For every episode we record, we want the speaker to be their three-dimensional selves. We ask questions to learn more about who they are, their biography and story—and then see how their personal background connects to their ideas, scholarship, faith, or core values.

The pandemic closing our doors led us into a new creative season at Upper House. Because we dearly missed our community events and the informal getting-to-know-you conversations with speakers and attendees, we found ourselves asking:  What other ways are available to us to connect with our community and dive deeper into topics that matter to us?

One of the answers Dan Hummel, Upper House’s Director of University Engagement, came up with was podcasting. As we celebrate the 1000th download of The UpWords Podcast, we are reflecting on the benefits of our podcast experience in its first few months. What are we enjoying, learning, and seeing happen?

Dan is an avid podcast listener. He reflects that not only do podcasts allow people to hear more than soundbites, but also the very way we listen to podcasts deepens our experience of what we are hearing. “Most of us listen to podcasts through headphones or earbuds, which viscerally allow listeners to sense a deeper connection with the speaker.”

Podcast interviews tend to be more informal and conversational than Upper House’s public events. Simply taking the audience out of the room allows for a different dynamic with more fluid interaction and personal reflection.  Dan says, “For every episode we record, we want the speaker to be their three-dimensional selves. We ask questions to learn more about who they are, their biography and story—and then see how their personal background connects to their ideas, scholarship, faith or core values.”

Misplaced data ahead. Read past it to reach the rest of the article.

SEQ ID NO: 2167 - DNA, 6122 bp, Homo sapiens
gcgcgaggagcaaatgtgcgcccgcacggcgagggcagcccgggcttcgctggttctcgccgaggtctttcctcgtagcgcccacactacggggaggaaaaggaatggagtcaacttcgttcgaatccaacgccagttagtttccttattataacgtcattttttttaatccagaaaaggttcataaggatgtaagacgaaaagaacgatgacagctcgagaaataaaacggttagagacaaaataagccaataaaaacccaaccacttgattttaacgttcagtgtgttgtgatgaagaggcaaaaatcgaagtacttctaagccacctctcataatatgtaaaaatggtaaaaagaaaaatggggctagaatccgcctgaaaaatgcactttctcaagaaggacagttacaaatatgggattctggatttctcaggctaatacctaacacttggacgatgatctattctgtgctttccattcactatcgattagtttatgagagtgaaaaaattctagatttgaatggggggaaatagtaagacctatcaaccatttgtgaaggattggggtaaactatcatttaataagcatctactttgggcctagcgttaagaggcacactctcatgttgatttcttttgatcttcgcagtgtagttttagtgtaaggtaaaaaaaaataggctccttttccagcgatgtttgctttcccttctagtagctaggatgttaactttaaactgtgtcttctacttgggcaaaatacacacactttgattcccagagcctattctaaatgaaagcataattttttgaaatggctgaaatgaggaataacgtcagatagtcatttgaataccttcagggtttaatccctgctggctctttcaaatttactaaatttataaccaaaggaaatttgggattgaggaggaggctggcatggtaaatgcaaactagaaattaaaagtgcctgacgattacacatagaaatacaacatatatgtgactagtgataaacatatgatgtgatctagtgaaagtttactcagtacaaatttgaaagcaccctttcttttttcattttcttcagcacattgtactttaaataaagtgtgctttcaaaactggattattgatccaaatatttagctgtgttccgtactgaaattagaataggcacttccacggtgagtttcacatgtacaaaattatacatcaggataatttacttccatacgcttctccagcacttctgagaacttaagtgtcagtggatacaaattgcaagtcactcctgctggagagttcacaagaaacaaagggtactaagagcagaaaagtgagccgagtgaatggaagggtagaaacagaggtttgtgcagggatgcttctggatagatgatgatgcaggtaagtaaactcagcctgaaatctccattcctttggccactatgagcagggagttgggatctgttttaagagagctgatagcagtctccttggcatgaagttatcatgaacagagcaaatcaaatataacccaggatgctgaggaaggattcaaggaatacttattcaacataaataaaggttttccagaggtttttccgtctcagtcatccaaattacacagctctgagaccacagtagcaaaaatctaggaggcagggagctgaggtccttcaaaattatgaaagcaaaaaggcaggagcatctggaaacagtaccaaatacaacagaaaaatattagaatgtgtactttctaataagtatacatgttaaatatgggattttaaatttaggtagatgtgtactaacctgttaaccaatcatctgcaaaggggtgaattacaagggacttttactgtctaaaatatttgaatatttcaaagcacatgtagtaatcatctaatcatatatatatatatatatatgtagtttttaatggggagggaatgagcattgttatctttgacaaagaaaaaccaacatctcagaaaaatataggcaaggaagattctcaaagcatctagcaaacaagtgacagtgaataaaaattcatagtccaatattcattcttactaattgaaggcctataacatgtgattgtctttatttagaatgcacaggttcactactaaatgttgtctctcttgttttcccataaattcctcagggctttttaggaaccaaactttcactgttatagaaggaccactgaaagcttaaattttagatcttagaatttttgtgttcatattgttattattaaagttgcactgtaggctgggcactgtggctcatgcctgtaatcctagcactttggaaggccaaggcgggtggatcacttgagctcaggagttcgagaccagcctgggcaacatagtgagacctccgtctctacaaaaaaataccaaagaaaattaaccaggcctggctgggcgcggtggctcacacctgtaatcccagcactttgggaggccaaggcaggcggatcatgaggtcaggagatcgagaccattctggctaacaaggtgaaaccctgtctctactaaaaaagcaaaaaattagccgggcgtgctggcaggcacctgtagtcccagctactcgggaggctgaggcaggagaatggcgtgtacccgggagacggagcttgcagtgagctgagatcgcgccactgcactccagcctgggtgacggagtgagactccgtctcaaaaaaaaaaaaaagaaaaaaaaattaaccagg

In its first ten episodes, The UpWords Podcast has touched on a range of topics across the spectrum of human experience and interest. On occasion, Dan notes, “We interview faculty or researchers about their academic work and very niche topics, some of which might only appeal to a certain part of our community. But these conversations are important. We value being part of a university community. We value all the hard work that people are doing to hash out ideas and nuances that in some instances might seem minor on their face.”

Details and nuances are revealing. A niche podcast can unpack new and interesting angles on topics, or insights into others’ unique perspectives, or clearer understanding of complicated issues and their resonances.

“We look for unique entryways into topics that bear on the life of the people we know, or perhaps address questions and interests in fresh ways.”

Dan is not the only one addressing these questions or topics. Several members of the Upper House team are hosting interviews with scholars, creatives, and community members to learn more about their work or life lessons they are learning.

Working in such a rich environment positions Upper House to engage in conversations that stretch us. We are committed to digging deeper into hard questions and ideas. We want to go beyond soundbites. The UpWords Podcast allows us to do both in creative, interactive ways that give us real joy.

If you’d like to subscribe to The UpWords Podcast, link here. Interested in exploring? Our first ten episodes are listed below.

Art + Faith with Makoto Fujimura

Healing, Power, and Christianity in Ghana with Paul Grant

The Laziness Myth with Christine Jeske

Science, Religion, and the Protestant Tradition with James Ungureanu

The Women of Exodus with Kelley Nikondeha

Learning to Lament with LaToya Wilson and Paul Kamps

Business on Purpose with Randy Franz and Kenman Wong

Christian Faith and Science with John Lennox and Science for the Church

Writing, Teaching, and Living into the Unknown with Marilyn McEntyre

The History of Modern American Evangelicalism with Darren Dochuk

(Feature Photo: Cameron Anderson, Associate Director of Upper House, interviews artist Makoto Fujimura for an episode of The UpWords Podcast titled Art + Faith.)